- By Rich Tupica
Back in 1918, “the mother of all pandemics'' swiftly spread influenza to 500 million people, one-third of the world’s population. It was a devastating two-year period that killed an estimated 17 million people globally. There was no vaccine to prevent it and no antibiotics to treat it. Control efforts were limited to non-pharmaceutical interventions, including quarantine, home remedies, good-hygiene practices and disinfectant use.
It was during that time of great sadness and uncertainty that the Jingle Dress — adorned with jingling metal cones — was created by three different Ojibwa communities: the Mille Lacs, Red Lake Band of Chippewa and the Whitefish Bay Ojibwe.
Also known as the Prayer Dress, the Jingle Dress is thought to bring healing to those who are sick. The dress and the Prayer Dress Dance have been mainstays of American Indian and First Nations pow wows.
Flash-forward to today, as our nation now fights the COVID-19 pandemic, and the inspiring rattle of the Jingle Dress has been making waves across social media, thanks to dancers who are sharing inspiring videos of themselves praying and dancing in the intricately-crafted regalia.
“We know today that there’s a lot about healing that can be done through medicine, but [there is] a psychological component that is less understood,” Brenda J. Child, author of My Grandfather’s Knocking Sticks, said in a previous interview with the University of Minnesota. “Their dance was part of this psychological component of illness.”
The dresses, which are commonly seen at Powwows across the country, jingle as the person walks and is said to spread healing.
Shyla Tootoosis, 11, is a young dancer from Thunderchild First Nation in Saskatchewan. Last month, Tootoosis was profiled by CBC reporter Rhiannon Johnson after she posted videos, along with help from her mother. “It's a really beautiful dance that provides healing," Tootoosis told CBC. “When I was growing up I was always taught to pray for one another, and it was a true honor to pray for the world.”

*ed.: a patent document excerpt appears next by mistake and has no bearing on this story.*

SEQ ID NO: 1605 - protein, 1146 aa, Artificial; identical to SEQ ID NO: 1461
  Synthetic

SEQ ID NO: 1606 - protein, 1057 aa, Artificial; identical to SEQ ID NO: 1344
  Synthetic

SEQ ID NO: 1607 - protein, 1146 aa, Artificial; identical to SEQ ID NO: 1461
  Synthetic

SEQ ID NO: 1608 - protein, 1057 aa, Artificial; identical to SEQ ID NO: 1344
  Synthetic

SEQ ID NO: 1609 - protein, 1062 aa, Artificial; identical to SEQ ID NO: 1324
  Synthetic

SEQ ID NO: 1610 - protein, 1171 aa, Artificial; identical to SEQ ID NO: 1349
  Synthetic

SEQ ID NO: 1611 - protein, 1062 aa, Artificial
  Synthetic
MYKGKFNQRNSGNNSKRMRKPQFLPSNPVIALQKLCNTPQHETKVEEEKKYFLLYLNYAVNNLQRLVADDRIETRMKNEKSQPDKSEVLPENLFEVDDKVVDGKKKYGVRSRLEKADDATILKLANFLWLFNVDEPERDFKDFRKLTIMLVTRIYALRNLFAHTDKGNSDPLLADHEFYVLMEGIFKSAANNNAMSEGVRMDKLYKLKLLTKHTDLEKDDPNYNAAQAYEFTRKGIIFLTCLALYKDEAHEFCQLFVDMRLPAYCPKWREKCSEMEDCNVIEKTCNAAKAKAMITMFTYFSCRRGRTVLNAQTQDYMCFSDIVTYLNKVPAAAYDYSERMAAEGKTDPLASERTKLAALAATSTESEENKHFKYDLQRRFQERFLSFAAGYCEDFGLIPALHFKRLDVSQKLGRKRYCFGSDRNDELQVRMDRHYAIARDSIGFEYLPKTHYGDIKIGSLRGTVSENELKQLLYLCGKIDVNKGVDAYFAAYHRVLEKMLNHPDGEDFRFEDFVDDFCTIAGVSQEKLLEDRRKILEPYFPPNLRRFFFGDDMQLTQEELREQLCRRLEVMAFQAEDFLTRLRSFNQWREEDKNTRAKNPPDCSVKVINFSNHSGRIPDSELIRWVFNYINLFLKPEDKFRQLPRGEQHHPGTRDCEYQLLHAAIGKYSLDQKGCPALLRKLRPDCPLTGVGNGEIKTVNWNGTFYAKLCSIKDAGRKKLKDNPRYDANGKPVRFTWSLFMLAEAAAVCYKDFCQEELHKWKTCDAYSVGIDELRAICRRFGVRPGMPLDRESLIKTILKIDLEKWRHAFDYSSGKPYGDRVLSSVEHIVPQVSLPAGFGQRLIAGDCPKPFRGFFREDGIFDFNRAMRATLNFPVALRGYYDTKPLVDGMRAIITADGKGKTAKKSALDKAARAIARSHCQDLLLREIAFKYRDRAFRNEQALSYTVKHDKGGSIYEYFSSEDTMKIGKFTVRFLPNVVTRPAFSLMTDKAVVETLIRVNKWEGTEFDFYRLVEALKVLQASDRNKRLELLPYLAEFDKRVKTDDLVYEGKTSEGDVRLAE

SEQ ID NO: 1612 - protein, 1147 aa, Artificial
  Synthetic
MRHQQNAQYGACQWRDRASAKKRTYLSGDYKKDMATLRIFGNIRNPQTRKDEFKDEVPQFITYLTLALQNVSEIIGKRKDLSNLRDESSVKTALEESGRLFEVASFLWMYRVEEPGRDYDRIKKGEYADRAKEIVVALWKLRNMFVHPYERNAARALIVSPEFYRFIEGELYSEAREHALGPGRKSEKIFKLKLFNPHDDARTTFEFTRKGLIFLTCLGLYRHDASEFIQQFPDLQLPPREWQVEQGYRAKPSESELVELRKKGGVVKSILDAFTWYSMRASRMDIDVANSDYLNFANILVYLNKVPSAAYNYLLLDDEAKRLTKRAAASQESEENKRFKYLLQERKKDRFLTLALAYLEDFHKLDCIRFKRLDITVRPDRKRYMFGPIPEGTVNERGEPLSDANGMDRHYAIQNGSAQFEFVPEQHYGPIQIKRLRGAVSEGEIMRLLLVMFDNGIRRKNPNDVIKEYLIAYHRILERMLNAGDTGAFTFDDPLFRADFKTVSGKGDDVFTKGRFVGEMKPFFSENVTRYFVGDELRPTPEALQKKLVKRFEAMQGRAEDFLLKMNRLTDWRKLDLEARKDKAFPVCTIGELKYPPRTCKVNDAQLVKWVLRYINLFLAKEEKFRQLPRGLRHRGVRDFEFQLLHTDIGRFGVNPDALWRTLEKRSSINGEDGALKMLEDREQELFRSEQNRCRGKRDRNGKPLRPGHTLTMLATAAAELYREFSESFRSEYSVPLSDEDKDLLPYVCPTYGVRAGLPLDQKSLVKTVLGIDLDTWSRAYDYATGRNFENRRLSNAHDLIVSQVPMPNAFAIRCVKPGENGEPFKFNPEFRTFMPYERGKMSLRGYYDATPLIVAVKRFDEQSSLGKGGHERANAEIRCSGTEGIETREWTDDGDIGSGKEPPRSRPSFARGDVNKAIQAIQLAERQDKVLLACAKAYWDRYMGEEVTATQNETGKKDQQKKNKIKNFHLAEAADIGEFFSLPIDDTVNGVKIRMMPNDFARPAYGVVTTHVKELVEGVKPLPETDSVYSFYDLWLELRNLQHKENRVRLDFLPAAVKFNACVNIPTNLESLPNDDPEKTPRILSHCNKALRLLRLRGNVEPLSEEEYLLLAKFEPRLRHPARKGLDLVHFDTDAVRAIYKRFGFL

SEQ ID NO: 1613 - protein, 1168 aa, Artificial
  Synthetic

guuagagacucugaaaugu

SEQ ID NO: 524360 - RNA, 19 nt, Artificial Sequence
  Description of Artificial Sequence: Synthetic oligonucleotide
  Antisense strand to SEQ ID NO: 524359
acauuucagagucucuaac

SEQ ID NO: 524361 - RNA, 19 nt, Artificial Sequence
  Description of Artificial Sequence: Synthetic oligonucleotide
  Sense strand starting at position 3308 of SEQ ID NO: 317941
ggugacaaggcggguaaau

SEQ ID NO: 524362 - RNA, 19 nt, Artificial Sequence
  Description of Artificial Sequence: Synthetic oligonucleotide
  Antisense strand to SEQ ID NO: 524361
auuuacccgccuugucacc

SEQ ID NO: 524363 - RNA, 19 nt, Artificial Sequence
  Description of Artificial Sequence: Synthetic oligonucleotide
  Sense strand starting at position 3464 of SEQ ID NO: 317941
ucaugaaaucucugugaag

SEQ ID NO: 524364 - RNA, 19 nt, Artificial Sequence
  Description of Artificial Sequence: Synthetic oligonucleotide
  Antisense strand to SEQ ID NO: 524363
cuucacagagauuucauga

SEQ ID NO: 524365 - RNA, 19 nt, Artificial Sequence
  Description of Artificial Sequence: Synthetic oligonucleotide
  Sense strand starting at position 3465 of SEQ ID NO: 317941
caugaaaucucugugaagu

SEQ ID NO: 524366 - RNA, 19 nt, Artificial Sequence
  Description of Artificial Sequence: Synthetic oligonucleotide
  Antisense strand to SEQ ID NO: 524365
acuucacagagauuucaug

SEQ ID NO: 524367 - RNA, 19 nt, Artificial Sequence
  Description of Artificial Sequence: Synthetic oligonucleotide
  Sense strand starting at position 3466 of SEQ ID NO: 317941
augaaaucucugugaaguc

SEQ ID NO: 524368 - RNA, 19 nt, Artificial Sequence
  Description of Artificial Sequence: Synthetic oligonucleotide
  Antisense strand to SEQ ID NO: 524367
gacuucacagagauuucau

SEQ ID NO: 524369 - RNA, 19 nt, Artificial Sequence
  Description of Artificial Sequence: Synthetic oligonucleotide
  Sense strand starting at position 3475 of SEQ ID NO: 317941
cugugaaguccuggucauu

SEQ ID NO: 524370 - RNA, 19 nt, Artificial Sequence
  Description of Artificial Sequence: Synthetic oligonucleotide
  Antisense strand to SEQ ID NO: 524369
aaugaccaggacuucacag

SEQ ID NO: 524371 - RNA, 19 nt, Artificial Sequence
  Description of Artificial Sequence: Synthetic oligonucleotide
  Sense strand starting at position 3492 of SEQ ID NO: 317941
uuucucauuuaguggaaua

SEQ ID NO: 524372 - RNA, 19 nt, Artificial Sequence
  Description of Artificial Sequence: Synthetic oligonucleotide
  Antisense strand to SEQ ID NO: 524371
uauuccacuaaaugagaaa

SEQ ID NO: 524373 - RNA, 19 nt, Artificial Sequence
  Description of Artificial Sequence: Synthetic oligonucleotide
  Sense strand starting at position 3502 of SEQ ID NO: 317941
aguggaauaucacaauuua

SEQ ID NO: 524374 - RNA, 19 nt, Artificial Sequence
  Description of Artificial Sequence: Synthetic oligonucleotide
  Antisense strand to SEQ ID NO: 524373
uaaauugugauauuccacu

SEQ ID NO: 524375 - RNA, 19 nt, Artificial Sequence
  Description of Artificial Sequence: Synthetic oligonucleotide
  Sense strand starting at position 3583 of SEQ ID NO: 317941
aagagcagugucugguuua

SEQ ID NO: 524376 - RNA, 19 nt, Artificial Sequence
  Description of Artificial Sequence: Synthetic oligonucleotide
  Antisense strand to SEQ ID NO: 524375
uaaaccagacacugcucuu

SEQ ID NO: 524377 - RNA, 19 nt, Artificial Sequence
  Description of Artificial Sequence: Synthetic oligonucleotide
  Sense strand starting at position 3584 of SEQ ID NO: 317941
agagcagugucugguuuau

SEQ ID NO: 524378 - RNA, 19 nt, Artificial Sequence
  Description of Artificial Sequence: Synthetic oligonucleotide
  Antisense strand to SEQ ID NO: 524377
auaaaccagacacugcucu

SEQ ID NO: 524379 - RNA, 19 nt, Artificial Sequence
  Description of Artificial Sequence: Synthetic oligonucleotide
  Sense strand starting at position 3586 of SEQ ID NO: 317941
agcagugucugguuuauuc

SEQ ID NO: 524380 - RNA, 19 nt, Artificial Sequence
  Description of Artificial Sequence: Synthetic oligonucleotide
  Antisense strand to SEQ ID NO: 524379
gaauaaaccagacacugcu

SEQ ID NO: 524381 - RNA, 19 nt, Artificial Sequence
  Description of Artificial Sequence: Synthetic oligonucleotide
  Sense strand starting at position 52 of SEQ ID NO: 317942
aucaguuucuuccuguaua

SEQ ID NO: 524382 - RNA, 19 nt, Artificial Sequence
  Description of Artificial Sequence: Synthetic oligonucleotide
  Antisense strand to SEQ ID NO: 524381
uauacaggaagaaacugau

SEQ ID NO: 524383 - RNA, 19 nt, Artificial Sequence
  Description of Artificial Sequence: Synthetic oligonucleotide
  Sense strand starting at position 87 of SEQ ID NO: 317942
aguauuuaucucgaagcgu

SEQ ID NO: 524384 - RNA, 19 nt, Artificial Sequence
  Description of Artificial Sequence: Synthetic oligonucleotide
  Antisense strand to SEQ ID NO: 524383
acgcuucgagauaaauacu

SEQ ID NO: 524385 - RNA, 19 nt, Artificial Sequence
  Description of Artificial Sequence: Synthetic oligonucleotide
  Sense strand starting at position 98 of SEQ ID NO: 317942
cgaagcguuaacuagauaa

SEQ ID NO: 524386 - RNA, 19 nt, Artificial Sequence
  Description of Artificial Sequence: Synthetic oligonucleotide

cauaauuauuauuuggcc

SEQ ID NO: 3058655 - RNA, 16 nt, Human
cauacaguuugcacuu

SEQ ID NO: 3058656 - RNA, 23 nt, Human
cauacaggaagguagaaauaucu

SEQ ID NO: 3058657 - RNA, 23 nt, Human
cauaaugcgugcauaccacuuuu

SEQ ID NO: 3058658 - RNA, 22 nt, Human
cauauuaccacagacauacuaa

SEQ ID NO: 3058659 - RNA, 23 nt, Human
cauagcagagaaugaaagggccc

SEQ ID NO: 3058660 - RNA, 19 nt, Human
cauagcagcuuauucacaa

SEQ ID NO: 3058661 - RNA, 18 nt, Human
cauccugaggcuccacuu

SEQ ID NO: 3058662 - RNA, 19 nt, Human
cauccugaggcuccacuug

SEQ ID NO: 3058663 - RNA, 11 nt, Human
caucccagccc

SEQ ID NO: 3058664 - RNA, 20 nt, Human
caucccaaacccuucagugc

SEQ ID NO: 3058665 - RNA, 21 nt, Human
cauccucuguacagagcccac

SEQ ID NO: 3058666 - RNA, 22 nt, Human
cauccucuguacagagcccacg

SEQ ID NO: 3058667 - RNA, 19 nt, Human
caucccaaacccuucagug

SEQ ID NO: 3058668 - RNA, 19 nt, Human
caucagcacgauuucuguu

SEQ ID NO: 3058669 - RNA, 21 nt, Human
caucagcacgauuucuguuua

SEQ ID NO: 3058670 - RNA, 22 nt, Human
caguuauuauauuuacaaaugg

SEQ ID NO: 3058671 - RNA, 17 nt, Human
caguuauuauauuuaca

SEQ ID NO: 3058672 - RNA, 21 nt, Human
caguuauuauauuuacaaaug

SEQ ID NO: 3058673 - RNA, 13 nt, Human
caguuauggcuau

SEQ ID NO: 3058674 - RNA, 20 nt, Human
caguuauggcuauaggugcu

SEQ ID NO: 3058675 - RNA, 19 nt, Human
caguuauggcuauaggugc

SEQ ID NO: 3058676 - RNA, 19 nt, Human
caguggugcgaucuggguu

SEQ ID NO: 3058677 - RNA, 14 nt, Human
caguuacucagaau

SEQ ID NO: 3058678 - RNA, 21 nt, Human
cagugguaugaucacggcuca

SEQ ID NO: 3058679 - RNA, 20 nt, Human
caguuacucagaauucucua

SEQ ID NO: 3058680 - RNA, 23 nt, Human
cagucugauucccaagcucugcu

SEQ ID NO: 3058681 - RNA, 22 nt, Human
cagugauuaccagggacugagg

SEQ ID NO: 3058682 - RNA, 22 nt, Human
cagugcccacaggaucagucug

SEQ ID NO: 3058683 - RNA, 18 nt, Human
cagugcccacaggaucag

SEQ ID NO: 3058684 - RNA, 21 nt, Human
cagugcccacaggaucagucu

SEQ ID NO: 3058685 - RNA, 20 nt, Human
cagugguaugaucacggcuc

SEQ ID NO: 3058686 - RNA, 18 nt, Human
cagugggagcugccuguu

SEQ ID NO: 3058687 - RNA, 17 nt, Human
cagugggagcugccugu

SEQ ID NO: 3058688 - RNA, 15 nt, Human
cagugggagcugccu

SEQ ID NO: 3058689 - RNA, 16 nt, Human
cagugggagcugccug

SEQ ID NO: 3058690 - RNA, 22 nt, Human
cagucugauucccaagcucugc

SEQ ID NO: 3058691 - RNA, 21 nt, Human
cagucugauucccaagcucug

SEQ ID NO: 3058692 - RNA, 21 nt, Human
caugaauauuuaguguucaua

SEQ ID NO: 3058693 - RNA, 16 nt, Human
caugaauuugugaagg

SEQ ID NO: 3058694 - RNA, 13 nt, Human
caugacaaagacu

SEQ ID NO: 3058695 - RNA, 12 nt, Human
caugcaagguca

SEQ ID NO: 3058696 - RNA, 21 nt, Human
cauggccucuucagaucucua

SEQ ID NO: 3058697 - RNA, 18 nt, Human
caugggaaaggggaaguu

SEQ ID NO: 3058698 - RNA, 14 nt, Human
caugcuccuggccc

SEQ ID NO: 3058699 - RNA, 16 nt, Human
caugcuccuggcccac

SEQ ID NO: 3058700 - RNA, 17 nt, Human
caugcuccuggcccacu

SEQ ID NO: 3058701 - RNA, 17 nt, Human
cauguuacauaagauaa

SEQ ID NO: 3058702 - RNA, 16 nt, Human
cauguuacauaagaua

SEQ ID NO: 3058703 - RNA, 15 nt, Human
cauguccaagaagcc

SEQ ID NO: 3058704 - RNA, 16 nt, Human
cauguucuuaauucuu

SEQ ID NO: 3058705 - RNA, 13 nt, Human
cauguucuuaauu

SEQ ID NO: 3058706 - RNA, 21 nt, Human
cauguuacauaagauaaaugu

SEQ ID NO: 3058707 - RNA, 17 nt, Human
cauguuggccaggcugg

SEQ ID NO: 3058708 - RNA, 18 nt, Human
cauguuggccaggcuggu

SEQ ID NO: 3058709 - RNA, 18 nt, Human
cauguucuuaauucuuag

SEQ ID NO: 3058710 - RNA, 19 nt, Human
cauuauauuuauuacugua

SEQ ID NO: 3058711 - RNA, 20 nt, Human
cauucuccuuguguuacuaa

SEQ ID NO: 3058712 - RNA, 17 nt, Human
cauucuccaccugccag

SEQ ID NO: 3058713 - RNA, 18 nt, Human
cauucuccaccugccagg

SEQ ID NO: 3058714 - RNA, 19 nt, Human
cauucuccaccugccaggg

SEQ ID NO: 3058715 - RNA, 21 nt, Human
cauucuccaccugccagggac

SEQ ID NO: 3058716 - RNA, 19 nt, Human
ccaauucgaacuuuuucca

Last year, as the Jingle Dress turned 100 years old, the Mille Lacs Indian Museum and Trading Post unveiled its exhibition, Ziibaaska’ iganagooday: The Jingle Dress at 100.
Through photographs, oral tradition and a display of jingle dresses from the Minnesota Historical Society’s collections, visitors learn not only about the dress and dance, but also how its origin can be traced to the Mille Lacs Ojibwe. It’s set to run through October 2020, but (due to the COVID-19 crisis) please check for new dates and times.
More Stories Like ThisHere’s What’s Going in Indian Country: Sept. 22-31
‘Reservation Dogs’ Gets Season 3 Renewal from FX
4th Annual Native American Animation Lab Opens Call for Applications
Arts Organization, Museum Debut New Residency Grant for Indigenous Artists
Detroit Lions Rookie Malcolm Rodriguez Joins the Community of Indigenous NFL Players
Do you appreciate a Native perspective on the news?
For the past decade-plus, we’ve covered the important Indigenous stories that are often overlooked by other media. From the protests at Standing Rock and the toppling of colonizer statues during the racial equity protests, to the ongoing epidemic of Murdered and Missing Indigenous Women (MMIW) and the past-due reckoning related to assimilation, cultural genocide and Indian Boarding Schools, we have been there to provide a Native perspective and elevate Native voices.
Our news is free for everyone to read, but it is not free to produce. That’s why we’re asking you to make a donation this month to help support our efforts. Any contribution — big or small — helps us remain a force for change in Indian Country and continue telling the stories that are so often ignored, erased or overlooked. Most often, our donors make a one-time gift of $20 or more, while many choose to make a recurring monthly donation of $5 or $10. Whatever you can do, it helps fund our Indigenous-led newsroom and our ability to cover Native news.
Donate to Native News Online today and support independent Indigenous journalism. Thank you.